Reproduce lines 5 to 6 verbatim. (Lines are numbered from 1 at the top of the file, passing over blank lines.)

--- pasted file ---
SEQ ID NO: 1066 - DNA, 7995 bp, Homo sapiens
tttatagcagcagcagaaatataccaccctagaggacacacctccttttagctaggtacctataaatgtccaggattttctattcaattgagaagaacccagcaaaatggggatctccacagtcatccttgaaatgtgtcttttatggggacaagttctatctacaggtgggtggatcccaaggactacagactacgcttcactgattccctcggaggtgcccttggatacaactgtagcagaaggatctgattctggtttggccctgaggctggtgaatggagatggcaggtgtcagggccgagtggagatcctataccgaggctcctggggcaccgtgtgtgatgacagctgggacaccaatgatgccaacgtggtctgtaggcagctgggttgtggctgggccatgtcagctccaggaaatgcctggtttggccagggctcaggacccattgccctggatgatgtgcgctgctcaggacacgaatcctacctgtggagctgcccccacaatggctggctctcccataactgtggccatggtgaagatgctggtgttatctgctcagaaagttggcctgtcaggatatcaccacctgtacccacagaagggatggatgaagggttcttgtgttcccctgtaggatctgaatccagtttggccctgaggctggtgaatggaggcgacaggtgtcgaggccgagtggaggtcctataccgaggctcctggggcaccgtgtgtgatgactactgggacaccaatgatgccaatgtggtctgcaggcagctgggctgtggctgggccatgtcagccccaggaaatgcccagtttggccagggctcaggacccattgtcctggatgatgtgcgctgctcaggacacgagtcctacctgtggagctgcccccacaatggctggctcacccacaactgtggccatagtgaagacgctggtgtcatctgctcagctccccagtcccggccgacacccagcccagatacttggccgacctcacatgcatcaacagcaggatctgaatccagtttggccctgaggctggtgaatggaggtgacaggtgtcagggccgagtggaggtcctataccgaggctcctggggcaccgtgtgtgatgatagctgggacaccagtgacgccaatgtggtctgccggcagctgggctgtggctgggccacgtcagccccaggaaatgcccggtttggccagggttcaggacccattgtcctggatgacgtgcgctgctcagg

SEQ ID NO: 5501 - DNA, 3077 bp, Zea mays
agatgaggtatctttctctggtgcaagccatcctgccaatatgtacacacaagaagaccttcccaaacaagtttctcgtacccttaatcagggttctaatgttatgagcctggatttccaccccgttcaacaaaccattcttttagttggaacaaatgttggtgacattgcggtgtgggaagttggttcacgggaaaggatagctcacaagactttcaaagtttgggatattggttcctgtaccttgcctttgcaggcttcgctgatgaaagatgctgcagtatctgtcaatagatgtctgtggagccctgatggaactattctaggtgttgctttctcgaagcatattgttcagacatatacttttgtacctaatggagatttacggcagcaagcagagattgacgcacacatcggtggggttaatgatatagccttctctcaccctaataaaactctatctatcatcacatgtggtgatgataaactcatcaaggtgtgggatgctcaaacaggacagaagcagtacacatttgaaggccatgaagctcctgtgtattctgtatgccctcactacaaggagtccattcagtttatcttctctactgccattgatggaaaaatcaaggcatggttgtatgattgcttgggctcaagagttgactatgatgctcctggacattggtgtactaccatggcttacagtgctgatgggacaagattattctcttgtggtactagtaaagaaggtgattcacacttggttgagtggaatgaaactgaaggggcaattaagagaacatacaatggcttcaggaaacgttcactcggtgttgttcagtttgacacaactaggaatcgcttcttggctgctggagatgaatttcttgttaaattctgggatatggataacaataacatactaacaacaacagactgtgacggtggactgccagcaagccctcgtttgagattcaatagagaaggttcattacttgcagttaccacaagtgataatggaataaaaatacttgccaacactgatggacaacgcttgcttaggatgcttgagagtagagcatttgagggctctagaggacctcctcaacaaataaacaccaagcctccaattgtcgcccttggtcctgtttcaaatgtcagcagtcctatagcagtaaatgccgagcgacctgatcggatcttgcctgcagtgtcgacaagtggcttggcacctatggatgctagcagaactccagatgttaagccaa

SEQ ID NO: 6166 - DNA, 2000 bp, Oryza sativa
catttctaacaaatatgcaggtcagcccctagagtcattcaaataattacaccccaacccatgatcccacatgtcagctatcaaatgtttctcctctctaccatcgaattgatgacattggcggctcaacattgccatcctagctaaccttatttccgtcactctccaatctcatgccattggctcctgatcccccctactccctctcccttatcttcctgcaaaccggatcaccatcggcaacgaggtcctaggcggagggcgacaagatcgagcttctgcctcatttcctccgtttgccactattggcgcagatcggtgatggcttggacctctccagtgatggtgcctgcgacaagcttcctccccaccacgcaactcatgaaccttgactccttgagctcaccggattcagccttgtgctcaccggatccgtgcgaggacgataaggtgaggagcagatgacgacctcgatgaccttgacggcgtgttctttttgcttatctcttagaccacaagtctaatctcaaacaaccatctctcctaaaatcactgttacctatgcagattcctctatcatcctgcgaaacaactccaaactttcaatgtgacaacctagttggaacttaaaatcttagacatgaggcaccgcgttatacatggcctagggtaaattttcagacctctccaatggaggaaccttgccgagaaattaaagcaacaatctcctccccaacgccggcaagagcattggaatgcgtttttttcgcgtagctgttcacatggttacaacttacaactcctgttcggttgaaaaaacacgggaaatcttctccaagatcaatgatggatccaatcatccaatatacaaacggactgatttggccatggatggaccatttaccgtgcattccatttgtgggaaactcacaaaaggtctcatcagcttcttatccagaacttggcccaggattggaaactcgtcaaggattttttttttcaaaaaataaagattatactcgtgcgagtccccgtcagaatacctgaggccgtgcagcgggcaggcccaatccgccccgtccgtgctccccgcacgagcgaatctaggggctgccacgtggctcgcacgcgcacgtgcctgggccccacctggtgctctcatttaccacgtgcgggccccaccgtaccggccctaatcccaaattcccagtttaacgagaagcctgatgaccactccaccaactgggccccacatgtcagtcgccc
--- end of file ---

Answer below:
SEQ ID NO: 6166 - DNA, 2000 bp, Oryza sativa
catttctaacaaatatgcaggtcagcccctagagtcattcaaataattacaccccaacccatgatcccacatgtcagctatcaaatgtttctcctctctaccatcgaattgatgacattggcggctcaacattgccatcctagctaaccttatttccgtcactctccaatctcatgccattggctcctgatcccccctactccctctcccttatcttcctgcaaaccggatcaccatcggcaacgaggtcctaggcggagggcgacaagatcgagcttctgcctcatttcctccgtttgccactattggcgcagatcggtgatggcttggacctctccagtgatggtgcctgcgacaagcttcctccccaccacgcaactcatgaaccttgactccttgagctcaccggattcagccttgtgctcaccggatccgtgcgaggacgataaggtgaggagcagatgacgacctcgatgaccttgacggcgtgttctttttgcttatctcttagaccacaagtctaatctcaaacaaccatctctcctaaaatcactgttacctatgcagattcctctatcatcctgcgaaacaactccaaactttcaatgtgacaacctagttggaacttaaaatcttagacatgaggcaccgcgttatacatggcctagggtaaattttcagacctctccaatggaggaaccttgccgagaaattaaagcaacaatctcctccccaacgccggcaagagcattggaatgcgtttttttcgcgtagctgttcacatggttacaacttacaactcctgttcggttgaaaaaacacgggaaatcttctccaagatcaatgatggatccaatcatccaatatacaaacggactgatttggccatggatggaccatttaccgtgcattccatttgtgggaaactcacaaaaggtctcatcagcttcttatccagaacttggcccaggattggaaactcgtcaaggattttttttttcaaaaaataaagattatactcgtgcgagtccccgtcagaatacctgaggccgtgcagcgggcaggcccaatccgccccgtccgtgctccccgcacgagcgaatctaggggctgccacgtggctcgcacgcgcacgtgcctgggccccacctggtgctctcatttaccacgtgcgggccccaccgtaccggccctaatcccaaattcccagtttaacgagaagcctgatgaccactccaccaactgggccccacatgtcagtcgccc